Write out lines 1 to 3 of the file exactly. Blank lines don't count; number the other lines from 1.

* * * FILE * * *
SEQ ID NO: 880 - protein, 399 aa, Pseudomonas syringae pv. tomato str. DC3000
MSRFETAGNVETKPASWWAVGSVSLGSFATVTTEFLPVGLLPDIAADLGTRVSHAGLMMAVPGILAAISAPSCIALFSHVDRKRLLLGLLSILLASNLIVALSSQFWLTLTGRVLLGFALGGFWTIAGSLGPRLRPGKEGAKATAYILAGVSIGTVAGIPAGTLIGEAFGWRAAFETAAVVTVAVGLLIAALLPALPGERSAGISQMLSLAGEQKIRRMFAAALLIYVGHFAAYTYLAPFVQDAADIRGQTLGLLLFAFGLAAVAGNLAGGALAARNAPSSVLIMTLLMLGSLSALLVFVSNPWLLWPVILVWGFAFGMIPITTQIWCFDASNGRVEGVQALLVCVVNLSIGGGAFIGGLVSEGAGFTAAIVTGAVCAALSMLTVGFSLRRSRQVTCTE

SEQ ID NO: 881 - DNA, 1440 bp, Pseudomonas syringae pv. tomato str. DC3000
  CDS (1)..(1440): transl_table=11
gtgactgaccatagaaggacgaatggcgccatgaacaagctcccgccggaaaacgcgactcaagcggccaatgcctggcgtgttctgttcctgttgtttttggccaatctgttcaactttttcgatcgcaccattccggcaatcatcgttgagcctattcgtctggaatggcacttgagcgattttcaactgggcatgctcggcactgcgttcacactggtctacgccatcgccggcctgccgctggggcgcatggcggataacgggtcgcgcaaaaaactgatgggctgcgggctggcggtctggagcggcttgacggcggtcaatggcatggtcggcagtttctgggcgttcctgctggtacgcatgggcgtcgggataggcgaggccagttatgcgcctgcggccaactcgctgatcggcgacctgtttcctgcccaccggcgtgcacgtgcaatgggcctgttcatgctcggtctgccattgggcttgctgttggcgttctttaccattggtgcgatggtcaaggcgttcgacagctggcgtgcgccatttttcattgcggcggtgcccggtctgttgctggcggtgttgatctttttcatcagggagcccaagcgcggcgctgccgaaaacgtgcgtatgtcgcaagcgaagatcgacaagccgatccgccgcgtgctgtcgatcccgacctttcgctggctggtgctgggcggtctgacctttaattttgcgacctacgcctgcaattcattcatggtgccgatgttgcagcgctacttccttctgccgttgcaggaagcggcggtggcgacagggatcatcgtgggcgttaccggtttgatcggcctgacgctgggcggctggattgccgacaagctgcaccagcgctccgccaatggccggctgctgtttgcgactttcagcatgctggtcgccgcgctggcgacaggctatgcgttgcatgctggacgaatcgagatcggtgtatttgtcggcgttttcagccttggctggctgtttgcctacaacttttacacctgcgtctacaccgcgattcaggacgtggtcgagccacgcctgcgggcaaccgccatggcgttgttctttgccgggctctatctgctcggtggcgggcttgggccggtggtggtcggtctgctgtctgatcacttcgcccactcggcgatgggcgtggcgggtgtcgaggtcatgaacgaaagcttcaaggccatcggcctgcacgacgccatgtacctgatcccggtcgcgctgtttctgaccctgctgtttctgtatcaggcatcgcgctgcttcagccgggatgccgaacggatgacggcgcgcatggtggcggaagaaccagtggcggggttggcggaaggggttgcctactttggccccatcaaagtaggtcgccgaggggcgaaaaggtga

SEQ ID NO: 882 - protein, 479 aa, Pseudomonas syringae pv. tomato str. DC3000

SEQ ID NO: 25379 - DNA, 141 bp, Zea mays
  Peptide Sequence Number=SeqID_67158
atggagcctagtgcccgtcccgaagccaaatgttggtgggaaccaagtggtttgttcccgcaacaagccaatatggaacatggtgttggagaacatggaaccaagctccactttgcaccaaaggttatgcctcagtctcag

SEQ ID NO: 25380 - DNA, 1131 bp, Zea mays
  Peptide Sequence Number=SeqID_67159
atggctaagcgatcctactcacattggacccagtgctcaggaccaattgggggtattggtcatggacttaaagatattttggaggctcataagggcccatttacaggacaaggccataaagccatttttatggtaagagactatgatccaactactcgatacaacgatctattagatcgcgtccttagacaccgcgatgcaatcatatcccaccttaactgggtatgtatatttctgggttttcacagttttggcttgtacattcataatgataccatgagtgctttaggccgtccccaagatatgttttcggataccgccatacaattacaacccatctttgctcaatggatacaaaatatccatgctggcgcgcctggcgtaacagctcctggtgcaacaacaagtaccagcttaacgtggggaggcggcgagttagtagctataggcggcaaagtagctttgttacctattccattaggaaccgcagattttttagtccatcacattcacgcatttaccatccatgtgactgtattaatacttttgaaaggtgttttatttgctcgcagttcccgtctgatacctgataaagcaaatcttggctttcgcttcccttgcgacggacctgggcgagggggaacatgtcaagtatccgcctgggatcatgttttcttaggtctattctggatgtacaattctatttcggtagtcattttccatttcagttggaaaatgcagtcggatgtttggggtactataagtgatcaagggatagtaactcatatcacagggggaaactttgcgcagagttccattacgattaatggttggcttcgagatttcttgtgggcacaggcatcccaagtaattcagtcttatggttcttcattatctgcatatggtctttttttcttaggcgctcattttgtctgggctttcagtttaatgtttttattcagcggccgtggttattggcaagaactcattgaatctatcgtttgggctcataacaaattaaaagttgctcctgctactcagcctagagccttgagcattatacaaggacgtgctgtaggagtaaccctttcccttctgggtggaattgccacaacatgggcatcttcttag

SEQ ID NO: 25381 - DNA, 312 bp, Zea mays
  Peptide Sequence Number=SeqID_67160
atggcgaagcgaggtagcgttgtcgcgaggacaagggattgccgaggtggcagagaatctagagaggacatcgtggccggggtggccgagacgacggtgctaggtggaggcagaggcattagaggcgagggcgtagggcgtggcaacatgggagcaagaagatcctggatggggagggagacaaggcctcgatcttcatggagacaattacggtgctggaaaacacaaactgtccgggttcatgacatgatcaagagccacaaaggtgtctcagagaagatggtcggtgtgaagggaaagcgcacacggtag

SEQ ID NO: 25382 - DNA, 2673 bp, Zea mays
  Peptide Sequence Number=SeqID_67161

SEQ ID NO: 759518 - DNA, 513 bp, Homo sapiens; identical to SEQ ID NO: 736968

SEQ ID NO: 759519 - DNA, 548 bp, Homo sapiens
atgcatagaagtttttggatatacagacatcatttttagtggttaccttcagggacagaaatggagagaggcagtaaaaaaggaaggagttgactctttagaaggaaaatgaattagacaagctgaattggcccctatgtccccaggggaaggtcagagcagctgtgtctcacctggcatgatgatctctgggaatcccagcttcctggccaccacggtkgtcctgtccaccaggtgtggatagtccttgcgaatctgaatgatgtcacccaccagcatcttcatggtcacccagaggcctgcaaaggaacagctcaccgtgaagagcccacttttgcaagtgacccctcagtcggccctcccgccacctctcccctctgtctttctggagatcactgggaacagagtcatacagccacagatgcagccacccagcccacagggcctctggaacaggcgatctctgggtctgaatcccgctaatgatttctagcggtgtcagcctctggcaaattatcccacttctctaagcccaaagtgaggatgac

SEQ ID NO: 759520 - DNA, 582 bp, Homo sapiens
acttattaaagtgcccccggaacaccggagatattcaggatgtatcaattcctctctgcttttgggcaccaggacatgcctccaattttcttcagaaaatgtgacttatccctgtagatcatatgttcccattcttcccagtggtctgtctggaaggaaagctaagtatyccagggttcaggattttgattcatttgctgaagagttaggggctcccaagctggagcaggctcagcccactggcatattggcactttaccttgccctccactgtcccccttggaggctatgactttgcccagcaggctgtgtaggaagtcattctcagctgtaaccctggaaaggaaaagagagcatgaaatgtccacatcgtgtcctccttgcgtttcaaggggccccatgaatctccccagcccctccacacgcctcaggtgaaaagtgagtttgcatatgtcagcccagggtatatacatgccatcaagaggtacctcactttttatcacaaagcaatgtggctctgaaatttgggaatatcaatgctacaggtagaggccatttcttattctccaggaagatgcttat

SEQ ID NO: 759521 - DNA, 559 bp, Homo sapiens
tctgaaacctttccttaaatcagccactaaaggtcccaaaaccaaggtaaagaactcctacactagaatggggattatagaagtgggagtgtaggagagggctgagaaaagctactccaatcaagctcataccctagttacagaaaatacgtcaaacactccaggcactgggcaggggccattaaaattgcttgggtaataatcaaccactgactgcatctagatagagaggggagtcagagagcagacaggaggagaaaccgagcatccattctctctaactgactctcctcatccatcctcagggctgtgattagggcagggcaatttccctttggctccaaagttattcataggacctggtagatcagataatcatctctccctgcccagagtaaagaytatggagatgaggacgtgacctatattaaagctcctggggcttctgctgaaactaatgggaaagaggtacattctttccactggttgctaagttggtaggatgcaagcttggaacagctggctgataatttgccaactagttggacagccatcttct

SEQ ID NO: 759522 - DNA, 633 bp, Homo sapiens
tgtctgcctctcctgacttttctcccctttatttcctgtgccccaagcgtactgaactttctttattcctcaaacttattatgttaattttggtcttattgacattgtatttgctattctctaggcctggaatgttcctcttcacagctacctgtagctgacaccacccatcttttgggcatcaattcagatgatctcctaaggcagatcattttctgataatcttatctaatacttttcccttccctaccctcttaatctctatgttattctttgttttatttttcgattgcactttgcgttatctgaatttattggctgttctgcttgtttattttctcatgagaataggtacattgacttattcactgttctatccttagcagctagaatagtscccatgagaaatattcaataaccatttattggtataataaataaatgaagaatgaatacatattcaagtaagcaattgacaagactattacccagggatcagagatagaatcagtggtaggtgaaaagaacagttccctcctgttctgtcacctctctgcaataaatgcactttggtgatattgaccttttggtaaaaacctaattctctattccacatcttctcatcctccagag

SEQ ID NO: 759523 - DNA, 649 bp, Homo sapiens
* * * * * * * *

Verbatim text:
SEQ ID NO: 880 - protein, 399 aa, Pseudomonas syringae pv. tomato str. DC3000
MSRFETAGNVETKPASWWAVGSVSLGSFATVTTEFLPVGLLPDIAADLGTRVSHAGLMMAVPGILAAISAPSCIALFSHVDRKRLLLGLLSILLASNLIVALSSQFWLTLTGRVLLGFALGGFWTIAGSLGPRLRPGKEGAKATAYILAGVSIGTVAGIPAGTLIGEAFGWRAAFETAAVVTVAVGLLIAALLPALPGERSAGISQMLSLAGEQKIRRMFAAALLIYVGHFAAYTYLAPFVQDAADIRGQTLGLLLFAFGLAAVAGNLAGGALAARNAPSSVLIMTLLMLGSLSALLVFVSNPWLLWPVILVWGFAFGMIPITTQIWCFDASNGRVEGVQALLVCVVNLSIGGGAFIGGLVSEGAGFTAAIVTGAVCAALSMLTVGFSLRRSRQVTCTE

SEQ ID NO: 881 - DNA, 1440 bp, Pseudomonas syringae pv. tomato str. DC3000